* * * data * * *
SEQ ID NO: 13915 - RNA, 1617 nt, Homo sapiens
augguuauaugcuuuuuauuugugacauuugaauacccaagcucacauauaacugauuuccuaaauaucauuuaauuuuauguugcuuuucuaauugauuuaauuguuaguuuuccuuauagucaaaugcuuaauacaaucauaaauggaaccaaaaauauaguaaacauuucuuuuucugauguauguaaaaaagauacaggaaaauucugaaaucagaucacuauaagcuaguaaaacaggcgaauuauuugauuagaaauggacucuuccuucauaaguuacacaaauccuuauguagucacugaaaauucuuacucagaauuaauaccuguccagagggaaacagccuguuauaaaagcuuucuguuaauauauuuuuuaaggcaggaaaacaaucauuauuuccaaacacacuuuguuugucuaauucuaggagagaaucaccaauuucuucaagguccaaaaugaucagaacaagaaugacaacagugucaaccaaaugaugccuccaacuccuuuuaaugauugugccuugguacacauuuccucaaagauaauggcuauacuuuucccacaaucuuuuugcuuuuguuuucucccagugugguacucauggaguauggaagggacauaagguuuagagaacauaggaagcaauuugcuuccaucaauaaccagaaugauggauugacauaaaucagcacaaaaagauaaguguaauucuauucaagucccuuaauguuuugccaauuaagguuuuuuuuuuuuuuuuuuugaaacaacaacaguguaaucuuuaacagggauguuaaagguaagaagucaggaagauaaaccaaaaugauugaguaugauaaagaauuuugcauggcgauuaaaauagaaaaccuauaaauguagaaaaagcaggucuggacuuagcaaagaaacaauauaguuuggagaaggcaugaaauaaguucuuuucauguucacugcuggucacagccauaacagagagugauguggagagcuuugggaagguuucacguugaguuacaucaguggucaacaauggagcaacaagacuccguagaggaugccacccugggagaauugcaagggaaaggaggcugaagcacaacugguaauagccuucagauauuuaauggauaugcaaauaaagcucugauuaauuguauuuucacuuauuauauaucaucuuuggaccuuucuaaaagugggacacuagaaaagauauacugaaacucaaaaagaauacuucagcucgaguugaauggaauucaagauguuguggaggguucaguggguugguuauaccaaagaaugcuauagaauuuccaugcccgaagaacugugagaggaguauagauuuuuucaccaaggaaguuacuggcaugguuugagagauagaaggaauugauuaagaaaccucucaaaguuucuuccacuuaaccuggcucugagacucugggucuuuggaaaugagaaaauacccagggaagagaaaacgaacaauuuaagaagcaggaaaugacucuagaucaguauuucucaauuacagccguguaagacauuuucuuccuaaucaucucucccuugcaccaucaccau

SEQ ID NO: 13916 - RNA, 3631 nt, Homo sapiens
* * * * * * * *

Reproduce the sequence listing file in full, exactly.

SEQ ID NO: 13915 - RNA, 1617 nt, Homo sapiens
augguuauaugcuuuuuauuugugacauuugaauacccaagcucacauauaacugauuuccuaaauaucauuuaauuuuauguugcuuuucuaauugauuuaauuguuaguuuuccuuauagucaaaugcuuaauacaaucauaaauggaaccaaaaauauaguaaacauuucuuuuucugauguauguaaaaaagauacaggaaaauucugaaaucagaucacuauaagcuaguaaaacaggcgaauuauuugauuagaaauggacucuuccuucauaaguuacacaaauccuuauguagucacugaaaauucuuacucagaauuaauaccuguccagagggaaacagccuguuauaaaagcuuucuguuaauauauuuuuuaaggcaggaaaacaaucauuauuuccaaacacacuuuguuugucuaauucuaggagagaaucaccaauuucuucaagguccaaaaugaucagaacaagaaugacaacagugucaaccaaaugaugccuccaacuccuuuuaaugauugugccuugguacacauuuccucaaagauaauggcuauacuuuucccacaaucuuuuugcuuuuguuuucucccagugugguacucauggaguauggaagggacauaagguuuagagaacauaggaagcaauuugcuuccaucaauaaccagaaugauggauugacauaaaucagcacaaaaagauaaguguaauucuauucaagucccuuaauguuuugccaauuaagguuuuuuuuuuuuuuuuuuugaaacaacaacaguguaaucuuuaacagggauguuaaagguaagaagucaggaagauaaaccaaaaugauugaguaugauaaagaauuuugcauggcgauuaaaauagaaaaccuauaaauguagaaaaagcaggucuggacuuagcaaagaaacaauauaguuuggagaaggcaugaaauaaguucuuuucauguucacugcuggucacagccauaacagagagugauguggagagcuuugggaagguuucacguugaguuacaucaguggucaacaauggagcaacaagacuccguagaggaugccacccugggagaauugcaagggaaaggaggcugaagcacaacugguaauagccuucagauauuuaauggauaugcaaauaaagcucugauuaauuguauuuucacuuauuauauaucaucuuuggaccuuucuaaaagugggacacuagaaaagauauacugaaacucaaaaagaauacuucagcucgaguugaauggaauucaagauguuguggaggguucaguggguugguuauaccaaagaaugcuauagaauuuccaugcccgaagaacugugagaggaguauagauuuuuucaccaaggaaguuacuggcaugguuugagagauagaaggaauugauuaagaaaccucucaaaguuucuuccacuuaaccuggcucugagacucugggucuuuggaaaugagaaaauacccagggaagagaaaacgaacaauuuaagaagcaggaaaugacucuagaucaguauuucucaauuacagccguguaagacauuuucuuccuaaucaucucucccuugcaccaucaccau

SEQ ID NO: 13916 - RNA, 3631 nt, Homo sapiens